To address these limitations, we are developing a pipeline to rapidly generate, calibrate, and evaluate speech corpora using modern technologies, such as text generation with large language models, text-to-speech algorithms, and large-scale online testing.

Project Description

To facilitate the development of a pipeline for speech corpus development, this project will pursue the characterisation of speech material from various speech corpora. The tools developed during this project will be used during the design, validation, and implementation of the to-be-generated speech corpus. The student will develop tools for characterising the acoustic, phonetic, and semantic content of existing speech corpora using techniques from signal processing, such as envelope extraction and modulation frequency analyses, and machine learning, such as topic modelling, automatic speech recognition, and speech segmentation. The prevalence of the speech features will then be compared within and across speech corpora using statistical methods. A project outcome will be considered successful if tools are developed to successfully extract features from at least two levels of linguistic processing (e.g. acoustic, phonetic, or semantic).

The student will then have the option of implementing a sampling algorithm to select a unique subset of sentences from a large database of sentences, where the statistics of the subset match the statistics of the overall database. This algorithm will facilitate the composition of sentences into dynamically generated lists, enabling the reuse of speech material for which thousands of sentences are available.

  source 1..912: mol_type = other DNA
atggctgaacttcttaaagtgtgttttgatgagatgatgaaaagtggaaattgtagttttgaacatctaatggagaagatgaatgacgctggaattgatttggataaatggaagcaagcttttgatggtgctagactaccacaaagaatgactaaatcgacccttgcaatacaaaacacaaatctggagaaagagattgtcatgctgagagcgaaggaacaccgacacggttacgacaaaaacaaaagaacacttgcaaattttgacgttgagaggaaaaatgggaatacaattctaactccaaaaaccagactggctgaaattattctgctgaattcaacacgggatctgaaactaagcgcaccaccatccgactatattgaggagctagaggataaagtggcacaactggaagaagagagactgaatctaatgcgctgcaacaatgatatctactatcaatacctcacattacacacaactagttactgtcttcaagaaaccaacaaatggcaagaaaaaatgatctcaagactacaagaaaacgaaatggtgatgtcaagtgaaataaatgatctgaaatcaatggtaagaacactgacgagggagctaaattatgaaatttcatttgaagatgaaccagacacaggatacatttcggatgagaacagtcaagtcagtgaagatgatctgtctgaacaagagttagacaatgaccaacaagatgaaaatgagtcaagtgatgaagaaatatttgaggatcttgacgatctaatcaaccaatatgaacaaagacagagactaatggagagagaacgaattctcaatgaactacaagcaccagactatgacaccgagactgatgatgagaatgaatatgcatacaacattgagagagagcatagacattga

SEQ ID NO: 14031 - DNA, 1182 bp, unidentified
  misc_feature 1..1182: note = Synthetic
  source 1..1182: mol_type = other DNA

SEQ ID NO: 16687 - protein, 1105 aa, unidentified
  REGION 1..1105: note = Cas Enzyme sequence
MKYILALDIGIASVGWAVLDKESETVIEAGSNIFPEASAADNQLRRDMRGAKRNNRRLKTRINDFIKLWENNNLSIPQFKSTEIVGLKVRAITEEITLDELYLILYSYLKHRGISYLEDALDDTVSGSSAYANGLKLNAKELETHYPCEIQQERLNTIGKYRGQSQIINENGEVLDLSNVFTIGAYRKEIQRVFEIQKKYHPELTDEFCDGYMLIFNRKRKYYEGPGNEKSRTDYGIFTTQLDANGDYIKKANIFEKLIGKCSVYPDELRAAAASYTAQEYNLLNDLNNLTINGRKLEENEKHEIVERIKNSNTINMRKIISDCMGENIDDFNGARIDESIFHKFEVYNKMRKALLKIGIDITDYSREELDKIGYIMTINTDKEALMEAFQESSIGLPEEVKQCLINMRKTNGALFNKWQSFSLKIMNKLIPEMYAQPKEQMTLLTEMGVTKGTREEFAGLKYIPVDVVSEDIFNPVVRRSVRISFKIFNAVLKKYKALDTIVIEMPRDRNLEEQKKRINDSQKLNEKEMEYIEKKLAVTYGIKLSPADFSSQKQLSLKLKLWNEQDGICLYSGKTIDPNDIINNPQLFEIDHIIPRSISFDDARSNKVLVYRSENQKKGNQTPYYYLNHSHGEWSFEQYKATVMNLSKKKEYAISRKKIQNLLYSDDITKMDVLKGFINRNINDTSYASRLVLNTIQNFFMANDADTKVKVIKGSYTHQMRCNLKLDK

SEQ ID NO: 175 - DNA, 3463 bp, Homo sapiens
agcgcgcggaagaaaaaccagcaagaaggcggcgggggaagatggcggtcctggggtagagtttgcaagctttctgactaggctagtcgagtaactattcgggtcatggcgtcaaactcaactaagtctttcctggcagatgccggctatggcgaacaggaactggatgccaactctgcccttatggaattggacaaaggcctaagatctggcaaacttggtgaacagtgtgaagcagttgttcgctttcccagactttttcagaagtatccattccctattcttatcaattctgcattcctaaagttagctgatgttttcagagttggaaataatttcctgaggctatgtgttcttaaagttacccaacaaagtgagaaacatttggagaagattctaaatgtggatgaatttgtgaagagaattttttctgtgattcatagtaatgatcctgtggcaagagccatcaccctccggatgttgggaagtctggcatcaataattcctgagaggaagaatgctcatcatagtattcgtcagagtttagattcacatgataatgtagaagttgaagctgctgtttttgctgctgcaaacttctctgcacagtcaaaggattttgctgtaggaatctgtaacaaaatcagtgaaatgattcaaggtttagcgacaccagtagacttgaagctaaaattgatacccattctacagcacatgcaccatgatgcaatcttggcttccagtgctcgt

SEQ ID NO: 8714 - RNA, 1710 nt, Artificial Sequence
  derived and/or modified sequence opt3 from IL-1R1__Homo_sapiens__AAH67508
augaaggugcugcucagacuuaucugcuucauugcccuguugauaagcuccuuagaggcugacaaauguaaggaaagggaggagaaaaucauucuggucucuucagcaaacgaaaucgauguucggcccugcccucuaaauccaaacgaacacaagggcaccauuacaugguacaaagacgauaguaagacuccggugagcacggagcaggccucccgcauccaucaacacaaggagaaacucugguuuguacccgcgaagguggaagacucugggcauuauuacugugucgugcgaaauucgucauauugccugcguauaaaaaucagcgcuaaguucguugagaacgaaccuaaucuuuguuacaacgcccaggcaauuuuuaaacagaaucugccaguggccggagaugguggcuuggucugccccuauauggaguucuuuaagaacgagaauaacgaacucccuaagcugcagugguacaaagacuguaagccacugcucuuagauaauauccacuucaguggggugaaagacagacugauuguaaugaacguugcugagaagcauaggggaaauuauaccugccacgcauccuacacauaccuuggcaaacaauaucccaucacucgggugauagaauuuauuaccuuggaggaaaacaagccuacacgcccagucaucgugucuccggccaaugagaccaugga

Work Environment The student will be part of the Deep Hearing Lab based at the MRC Cognition and Brain Sciences Unit and will work with primary supervisor Dr. Lidea Shahidi and secondary supervisor Dr. Tobias Goehring. The student will benefit from working within the Cambridge Hearing Group, a world-leading and vibrant research network in Cambridge. They will have regular meetings with Dr Lidea Shahidi, as well as participate in weekly group meetings. To receive the most benefit from the experience, the student would ideally complete the majority of their work in-person at the MRC Cognition and Brain Sciences Unit, although some remote work will be possible. Work hours are flexible, but are expected to overlap with meeting times and normal working hours.